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Commission on a Way Forward

The Commission on a Way Forward

The 32-member Commission on a Way Forward was created by the Council of Bishops at the 2016 General Conference in Portland Oregon to completely examine and possibly recommend revisions of every paragraph in the Book of Discipline related to human sexuality. The bishops' focus was the ongoing unity of The United Methodist Church.

The Commission's first meeting was Jan. 23-26. Its members are from nine countries and represent a vast array of viewpoints from throughout the denomination. It submitted a report of their deliberations to the Council of Bishops at a meeting April 29-May 4. That recommendation was for the so-called One Church Plan

A Jan. 22 UMNS article stated that the Commission looked at three possible models for how the denomination treats LGBTQ inclusion. They included:

  • "Affirm the current Book of Discipline language and place a high value on accountability. The church policy book says the practice of homosexuality "is incompatible with Christian teaching" and lists officiating at a same-gender union or being a "self-avowed practicing" gay clergy member as chargeable offenses under church law.
  • "Remove the Book of Discipline's restrictive language and place a high value on contextualization. This sketch also specifically protects the rights of those whose conscience will not allow them to perform same-gender weddings or ordain LGBTQ people.
  • "Create multiple branches that have clearly defined values such as accountability, contextualization, and justice. This model would maintain shared doctrine and services and one Council of Bishops.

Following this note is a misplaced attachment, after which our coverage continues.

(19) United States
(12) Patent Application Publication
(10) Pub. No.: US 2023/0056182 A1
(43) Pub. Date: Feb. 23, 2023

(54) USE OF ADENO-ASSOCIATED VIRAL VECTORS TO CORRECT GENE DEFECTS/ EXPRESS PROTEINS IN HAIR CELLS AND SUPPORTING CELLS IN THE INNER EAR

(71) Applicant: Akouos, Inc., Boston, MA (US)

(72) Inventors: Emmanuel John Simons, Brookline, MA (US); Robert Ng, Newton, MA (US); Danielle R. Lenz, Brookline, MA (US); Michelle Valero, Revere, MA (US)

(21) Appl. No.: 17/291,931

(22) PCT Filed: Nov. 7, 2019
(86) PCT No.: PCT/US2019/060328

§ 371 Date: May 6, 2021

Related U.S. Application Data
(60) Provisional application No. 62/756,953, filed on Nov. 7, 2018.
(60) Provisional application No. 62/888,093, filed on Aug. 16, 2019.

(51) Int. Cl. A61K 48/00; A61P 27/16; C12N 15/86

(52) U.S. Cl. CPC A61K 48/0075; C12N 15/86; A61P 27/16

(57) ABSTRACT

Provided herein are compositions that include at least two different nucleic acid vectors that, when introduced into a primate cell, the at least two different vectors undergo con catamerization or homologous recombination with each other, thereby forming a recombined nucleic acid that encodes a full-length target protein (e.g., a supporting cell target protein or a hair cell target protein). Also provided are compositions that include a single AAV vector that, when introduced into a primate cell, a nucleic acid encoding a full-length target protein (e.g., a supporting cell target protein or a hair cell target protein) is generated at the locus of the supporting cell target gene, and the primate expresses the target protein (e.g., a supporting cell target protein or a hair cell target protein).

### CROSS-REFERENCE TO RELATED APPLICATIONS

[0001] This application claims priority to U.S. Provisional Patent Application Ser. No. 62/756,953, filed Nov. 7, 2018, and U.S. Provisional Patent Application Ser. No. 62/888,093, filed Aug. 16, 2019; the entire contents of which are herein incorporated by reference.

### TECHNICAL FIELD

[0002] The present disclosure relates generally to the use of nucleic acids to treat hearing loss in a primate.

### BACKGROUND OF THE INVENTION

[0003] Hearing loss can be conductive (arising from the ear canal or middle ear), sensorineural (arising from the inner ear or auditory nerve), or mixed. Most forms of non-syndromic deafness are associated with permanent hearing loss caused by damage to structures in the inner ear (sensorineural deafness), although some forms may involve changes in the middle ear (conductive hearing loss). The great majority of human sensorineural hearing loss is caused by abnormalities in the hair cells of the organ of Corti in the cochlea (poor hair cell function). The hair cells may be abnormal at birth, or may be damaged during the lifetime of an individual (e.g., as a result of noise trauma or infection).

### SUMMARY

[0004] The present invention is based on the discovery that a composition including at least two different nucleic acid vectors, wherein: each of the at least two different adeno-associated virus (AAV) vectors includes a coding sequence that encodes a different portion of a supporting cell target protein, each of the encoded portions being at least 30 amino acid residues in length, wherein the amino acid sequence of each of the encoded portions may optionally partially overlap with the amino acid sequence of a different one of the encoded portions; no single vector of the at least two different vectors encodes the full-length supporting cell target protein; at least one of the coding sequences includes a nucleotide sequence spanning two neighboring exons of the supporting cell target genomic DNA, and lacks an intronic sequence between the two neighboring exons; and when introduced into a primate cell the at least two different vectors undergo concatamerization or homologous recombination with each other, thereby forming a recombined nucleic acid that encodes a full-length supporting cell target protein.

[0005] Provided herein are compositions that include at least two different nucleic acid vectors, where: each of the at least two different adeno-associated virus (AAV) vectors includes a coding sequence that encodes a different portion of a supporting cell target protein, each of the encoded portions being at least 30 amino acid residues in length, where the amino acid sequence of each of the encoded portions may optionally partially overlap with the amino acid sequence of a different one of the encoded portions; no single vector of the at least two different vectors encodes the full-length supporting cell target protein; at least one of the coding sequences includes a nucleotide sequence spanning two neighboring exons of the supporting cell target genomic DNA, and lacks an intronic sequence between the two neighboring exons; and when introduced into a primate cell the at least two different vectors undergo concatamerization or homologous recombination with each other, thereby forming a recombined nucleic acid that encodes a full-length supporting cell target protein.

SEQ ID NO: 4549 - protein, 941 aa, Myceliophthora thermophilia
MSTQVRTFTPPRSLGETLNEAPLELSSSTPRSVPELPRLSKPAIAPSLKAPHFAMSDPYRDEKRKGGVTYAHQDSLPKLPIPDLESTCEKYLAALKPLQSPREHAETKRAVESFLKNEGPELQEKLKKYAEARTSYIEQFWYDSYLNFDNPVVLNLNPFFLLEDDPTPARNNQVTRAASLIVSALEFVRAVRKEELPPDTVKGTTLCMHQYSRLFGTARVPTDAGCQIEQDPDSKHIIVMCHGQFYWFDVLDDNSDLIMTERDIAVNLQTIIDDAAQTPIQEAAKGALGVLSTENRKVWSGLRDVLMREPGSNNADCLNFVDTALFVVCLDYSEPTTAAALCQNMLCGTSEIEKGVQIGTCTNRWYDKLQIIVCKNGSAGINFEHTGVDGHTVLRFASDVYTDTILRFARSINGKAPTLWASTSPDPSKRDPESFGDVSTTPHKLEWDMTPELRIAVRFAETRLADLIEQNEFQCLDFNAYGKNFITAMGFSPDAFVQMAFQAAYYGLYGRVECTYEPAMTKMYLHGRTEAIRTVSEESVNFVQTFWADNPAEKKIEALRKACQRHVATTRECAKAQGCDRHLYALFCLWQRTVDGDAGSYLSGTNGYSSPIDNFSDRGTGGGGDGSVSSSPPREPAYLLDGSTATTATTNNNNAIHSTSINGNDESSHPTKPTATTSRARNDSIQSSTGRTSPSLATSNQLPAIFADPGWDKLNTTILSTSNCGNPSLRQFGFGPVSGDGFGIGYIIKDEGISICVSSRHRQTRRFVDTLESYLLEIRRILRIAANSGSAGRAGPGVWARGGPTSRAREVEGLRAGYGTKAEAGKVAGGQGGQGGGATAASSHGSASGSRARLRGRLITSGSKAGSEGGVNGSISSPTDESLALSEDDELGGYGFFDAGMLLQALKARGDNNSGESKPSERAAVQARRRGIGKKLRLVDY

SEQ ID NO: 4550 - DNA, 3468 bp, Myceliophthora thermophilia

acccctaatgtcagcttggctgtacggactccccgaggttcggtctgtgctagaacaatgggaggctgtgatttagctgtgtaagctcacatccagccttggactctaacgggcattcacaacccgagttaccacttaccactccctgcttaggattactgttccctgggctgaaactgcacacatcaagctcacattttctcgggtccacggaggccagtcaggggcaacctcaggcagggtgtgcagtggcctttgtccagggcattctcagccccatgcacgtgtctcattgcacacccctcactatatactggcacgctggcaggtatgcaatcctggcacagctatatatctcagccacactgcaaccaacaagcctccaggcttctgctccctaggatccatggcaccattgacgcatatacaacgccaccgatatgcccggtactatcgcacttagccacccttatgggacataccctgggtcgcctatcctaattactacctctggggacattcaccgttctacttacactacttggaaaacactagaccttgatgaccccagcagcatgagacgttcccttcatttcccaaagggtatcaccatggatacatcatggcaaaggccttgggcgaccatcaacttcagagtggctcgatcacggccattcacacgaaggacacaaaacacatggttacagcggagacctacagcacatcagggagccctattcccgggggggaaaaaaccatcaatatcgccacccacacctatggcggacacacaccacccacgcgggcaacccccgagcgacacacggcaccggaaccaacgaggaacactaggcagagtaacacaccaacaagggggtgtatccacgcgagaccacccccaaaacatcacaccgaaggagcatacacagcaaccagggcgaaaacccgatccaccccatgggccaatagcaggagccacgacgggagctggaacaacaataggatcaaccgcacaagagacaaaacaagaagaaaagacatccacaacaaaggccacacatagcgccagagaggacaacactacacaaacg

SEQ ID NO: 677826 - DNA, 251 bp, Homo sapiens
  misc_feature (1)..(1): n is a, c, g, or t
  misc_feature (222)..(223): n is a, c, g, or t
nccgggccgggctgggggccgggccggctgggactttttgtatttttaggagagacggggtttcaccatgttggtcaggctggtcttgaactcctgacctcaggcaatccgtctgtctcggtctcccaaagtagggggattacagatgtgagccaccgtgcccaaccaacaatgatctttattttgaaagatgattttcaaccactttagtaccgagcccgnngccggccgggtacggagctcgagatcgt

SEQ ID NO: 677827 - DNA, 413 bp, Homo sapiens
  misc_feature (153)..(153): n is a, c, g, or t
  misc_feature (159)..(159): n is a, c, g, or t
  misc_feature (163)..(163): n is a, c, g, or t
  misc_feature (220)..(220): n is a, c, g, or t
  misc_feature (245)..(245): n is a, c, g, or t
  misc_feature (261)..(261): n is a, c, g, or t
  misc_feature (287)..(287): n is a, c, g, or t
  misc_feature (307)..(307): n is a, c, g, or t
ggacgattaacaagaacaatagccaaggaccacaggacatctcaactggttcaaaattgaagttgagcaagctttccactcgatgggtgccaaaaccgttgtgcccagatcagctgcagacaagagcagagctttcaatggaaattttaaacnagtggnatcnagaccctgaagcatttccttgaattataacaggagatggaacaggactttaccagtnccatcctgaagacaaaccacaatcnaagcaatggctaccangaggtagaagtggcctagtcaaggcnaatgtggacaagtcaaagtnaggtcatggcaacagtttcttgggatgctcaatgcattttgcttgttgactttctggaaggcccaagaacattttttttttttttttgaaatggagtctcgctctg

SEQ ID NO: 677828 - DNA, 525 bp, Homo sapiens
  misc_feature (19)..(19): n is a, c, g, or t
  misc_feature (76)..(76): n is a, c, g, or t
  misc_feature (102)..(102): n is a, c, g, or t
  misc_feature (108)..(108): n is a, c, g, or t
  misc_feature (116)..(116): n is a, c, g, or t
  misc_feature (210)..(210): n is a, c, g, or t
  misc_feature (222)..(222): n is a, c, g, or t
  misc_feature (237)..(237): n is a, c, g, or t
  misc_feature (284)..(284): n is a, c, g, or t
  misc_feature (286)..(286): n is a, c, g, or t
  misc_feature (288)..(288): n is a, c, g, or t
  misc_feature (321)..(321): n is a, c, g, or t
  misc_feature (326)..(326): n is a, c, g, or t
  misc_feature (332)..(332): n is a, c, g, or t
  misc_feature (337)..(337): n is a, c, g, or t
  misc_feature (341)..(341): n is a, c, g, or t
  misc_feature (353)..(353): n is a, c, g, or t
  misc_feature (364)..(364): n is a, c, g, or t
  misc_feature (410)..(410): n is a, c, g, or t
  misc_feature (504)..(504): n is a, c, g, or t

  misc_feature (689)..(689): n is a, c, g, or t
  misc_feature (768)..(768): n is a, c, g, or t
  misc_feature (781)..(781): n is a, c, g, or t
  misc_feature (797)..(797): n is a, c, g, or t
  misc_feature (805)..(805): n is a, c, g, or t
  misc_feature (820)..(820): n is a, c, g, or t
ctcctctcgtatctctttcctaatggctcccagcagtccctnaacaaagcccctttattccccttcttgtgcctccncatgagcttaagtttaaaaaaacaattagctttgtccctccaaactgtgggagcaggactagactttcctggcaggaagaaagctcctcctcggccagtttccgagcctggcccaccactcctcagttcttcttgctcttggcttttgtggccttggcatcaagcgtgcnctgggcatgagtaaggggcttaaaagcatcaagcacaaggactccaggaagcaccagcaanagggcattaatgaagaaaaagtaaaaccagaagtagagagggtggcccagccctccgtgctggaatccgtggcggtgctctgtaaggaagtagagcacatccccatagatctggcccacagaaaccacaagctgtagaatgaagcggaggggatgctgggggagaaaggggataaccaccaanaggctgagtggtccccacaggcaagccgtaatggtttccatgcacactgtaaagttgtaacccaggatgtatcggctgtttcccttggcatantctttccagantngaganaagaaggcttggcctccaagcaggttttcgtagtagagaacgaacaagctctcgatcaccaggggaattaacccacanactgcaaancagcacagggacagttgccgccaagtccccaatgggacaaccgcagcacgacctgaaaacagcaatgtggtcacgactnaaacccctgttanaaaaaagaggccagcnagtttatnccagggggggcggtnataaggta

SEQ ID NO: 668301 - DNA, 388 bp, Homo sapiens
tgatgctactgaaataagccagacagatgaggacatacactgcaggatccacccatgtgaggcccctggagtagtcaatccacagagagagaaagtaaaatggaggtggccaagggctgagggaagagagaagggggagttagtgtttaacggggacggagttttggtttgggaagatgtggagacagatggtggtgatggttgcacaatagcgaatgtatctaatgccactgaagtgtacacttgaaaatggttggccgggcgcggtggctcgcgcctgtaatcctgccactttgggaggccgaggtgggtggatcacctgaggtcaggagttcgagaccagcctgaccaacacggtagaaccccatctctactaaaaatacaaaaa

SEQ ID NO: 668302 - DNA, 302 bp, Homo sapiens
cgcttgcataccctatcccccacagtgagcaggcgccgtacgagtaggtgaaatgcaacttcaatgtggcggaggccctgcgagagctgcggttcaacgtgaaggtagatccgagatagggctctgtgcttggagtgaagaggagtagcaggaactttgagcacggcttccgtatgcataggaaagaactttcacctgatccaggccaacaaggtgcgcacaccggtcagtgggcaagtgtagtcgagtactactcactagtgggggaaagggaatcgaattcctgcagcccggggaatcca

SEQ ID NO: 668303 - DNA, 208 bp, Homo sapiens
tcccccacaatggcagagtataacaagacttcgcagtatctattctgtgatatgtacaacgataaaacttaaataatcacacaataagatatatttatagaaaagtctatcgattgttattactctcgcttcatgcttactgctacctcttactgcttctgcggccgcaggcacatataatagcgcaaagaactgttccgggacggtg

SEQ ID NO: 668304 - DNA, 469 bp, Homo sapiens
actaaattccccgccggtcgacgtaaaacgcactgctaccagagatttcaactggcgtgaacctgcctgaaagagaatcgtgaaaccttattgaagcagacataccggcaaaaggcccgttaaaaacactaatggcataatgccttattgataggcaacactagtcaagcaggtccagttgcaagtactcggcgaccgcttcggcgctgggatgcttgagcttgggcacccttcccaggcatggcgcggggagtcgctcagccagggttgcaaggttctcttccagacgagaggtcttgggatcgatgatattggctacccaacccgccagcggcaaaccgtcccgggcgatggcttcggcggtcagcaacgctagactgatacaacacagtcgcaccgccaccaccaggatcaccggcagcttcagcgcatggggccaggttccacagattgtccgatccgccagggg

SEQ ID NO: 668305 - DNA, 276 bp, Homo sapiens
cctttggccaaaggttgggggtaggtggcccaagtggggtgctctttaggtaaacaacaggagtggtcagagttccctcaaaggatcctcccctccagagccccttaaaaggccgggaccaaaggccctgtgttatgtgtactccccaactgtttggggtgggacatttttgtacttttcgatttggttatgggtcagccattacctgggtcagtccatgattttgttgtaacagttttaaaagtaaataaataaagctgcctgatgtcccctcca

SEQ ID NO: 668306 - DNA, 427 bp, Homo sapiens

In April 2018, the Council of Bishops announced that they were recommending to the church the so-called "One Church Plan." Under this plan, decisions about whether to ordain LGBTQ clergy or to officiate at same-gender unions would be made closer to the congregational level. The plan would remove the restrictive language against the practice of homosexuality in the Book of Discipline, the denomination’s policy book. The plan also adds assurances to pastors and conferences who in good conscience cannot perform same-sex weddings or ordain “self-avowed practicing” gay clergy that they don’t have to do so. Central conferences — church regions in Africa, Asia and Europe — could maintain current restrictions.

The plan “encourages a generous unity by giving United Methodists the ability to address different missional contexts in ways that reflect their theological convictions,” said the bishops’ press release.

The bishops are expected to make this proposal to the church, which will be voted on by delegates from every Annual and Central Conference, at a Special Session of General Conference in St. Louis, Missouri, Feb. 23-26, 2019.

The Special Session of General Conference will also consider other petitions related to human sexuality. The deadline to submit petitions is July 8.

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